Kathy Antoniotti

NEW fRANKLIN: Timothy Hunton believes if not for the grace of God and the kindness of a stranger, he and his family could have perished on Christmas Eve.

Hunton, 58, his wife, Georgia, 48, her elderly parents and her brother had just bowed their heads to say grace Tuesday evening before dinner when disaster struck.

A woman knocked on the door of the Linger Drive home around 5:30 p.m. and told Hunton the house was on fire.

Hunton thought the woman was mistaken and perhaps had seen sparks shooting up the chimney from the fireplace. There was no smell of smoke and the smoke detectors in the home were silent.

He stepped outside to take a look and realized the woman was right — small flames were coming from the home. He told his family to get out and made a quick call to 911.

Just as the family made a hasty exit, the fire, which had taken hold of the insulation in the attic, burst through the family room wall and began to engulf everything in its path.

“In just that few minutes, the fire took over,” Hunton said Thursday.

The fire, which caused an estimated $100,000 in damage to the three-bedroom, ranch-style home, originated in a wall behind the fireplace, New Franklin Fire Chief Steve Leslie said.

“What we believe happened was that heat from fires, over time, basically dried out the wood behind the fireplace and ignited the wall,” Leslie said.

Facing 15-degree temperatures with howling winds and light snow, firefighters from Clinton, Coventry Township, Canal Fulton, Lawrence and Jackson Township battled the blaze for about 22 minutes before bringing it under control.

The structure sustained heavy fire damage to the family room and smoke and water damage throughout the rest of the structure, Leslie said.

Gone were the gifts and gift cards and cash lovingly wrapped for Georgia Hunton’s parents, Tim and Janice, who live in Canal Fulton, and her brother, Jason Ellis, 35, of Doylestown.

Christmas photos that had just been hung on a family room wall are also gone. Boots, shoes, a hooded-sweatshirt and other gifts that Hunton had bought for his wife also burned up.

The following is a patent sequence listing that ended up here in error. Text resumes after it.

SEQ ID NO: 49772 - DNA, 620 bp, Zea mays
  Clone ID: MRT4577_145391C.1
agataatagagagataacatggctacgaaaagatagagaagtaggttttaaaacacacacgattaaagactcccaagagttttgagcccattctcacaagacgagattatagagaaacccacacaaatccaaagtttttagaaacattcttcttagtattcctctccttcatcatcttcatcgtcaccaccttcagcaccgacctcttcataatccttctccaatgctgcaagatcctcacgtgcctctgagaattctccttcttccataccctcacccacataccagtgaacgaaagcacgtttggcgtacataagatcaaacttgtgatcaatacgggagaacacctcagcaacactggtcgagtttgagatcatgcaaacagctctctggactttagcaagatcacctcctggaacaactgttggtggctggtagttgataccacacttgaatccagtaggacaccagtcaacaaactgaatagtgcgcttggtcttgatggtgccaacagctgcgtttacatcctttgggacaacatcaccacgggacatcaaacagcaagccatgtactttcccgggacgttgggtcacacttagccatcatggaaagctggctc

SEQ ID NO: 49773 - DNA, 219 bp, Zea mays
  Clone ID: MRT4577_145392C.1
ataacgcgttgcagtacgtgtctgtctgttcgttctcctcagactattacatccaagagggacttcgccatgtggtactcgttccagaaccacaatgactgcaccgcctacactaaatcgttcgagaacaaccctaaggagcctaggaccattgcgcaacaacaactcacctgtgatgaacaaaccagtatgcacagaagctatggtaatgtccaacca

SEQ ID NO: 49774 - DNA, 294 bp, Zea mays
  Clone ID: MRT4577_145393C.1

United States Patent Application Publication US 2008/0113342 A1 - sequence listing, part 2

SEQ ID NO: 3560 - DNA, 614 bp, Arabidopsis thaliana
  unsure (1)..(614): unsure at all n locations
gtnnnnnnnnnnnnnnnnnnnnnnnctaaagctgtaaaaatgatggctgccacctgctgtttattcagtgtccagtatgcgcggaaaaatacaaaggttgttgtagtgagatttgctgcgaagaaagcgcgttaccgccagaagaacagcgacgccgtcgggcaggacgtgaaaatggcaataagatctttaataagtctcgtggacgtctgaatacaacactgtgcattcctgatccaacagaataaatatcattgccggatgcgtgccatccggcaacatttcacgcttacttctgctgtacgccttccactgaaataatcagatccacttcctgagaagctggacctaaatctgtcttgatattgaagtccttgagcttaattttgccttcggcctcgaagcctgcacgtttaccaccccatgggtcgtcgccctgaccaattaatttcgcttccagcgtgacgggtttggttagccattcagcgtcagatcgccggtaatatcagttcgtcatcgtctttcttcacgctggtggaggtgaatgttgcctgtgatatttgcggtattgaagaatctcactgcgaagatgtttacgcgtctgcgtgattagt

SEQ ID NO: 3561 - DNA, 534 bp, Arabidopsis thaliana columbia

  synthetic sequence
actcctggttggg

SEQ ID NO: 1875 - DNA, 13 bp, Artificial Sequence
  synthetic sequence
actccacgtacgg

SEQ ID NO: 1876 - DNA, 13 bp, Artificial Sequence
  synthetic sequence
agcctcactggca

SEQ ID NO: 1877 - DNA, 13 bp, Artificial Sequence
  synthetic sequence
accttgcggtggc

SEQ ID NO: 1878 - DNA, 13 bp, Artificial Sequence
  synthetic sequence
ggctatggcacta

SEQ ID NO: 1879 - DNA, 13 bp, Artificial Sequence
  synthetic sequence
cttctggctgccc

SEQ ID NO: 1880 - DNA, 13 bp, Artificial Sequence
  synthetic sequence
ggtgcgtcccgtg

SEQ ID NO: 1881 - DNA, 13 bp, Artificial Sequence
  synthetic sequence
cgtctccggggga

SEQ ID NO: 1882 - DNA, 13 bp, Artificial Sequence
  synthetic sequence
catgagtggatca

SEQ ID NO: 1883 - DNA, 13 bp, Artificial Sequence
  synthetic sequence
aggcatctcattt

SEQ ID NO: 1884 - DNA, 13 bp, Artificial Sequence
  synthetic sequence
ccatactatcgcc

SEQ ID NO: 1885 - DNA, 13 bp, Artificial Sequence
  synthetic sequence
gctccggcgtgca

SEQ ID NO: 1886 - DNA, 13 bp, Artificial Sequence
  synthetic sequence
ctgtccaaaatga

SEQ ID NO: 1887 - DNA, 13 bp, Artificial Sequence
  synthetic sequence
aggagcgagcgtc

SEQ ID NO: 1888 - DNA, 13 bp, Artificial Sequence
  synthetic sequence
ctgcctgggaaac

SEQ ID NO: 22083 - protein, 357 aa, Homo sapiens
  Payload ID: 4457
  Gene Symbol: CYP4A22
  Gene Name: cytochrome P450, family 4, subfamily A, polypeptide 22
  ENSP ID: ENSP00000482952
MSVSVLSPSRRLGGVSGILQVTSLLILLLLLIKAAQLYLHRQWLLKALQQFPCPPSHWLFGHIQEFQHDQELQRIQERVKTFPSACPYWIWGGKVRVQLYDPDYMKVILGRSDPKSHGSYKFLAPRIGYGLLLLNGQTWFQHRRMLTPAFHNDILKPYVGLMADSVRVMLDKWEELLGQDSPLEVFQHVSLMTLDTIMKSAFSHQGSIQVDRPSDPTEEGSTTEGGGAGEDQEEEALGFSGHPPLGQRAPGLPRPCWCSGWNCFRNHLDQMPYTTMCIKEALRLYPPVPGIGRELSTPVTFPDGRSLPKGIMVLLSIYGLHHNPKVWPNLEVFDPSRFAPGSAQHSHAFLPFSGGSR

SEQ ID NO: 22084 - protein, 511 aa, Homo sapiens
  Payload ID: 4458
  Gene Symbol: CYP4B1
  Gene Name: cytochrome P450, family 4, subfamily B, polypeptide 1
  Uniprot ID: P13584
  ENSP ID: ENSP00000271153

“The house was gutted. An oily black smoke coated everything and [most] of the windows are broken out. It is doubtful there is anything salvageable,” Hunton said.

None of the couple’s clothing is wearable, he said.

They spent Christmas Day in Cuyahoga Falls with Hunton’s side of the family “smelling smoky,” he said.

Leslie recommends people have their chimneys cleaned and checked by a reputable inspector annually to ensure they are functioning properly. Hunton remembers getting his inspected within the last year or two.

Georgia Hunton said she was able to hold off the devastating feelings of loss through Christmas Day, but by Thursday, she was becoming unsettled and upset.

“I think it’s just starting to hit me,” she said, “but the Lord is going to pull us through.”

Her husband said he hasn’t had the time to think about their future because of the holiday.

“We are grateful to God that we did not lose our lives and experience any physical harm,” Hunton said.

The couple are members of Home Mission in Alliance that has already stepped up to help the family.

Since the couple’s losses are covered by insurance, Hunton asks people to help the next family who might not be as fortunate and in greater need.

He and his wife have been staying with relatives and expect to move into a hotel room. But he will always be grateful to the stranger who saved their lives.

“I would like to thank the person — the woman — who stopped to tell us about the fire. She performed a great service to us.”

Kathy Antoniotti can be reached at 330-996-3565 or kantoniotti@thebeaconjournal.com.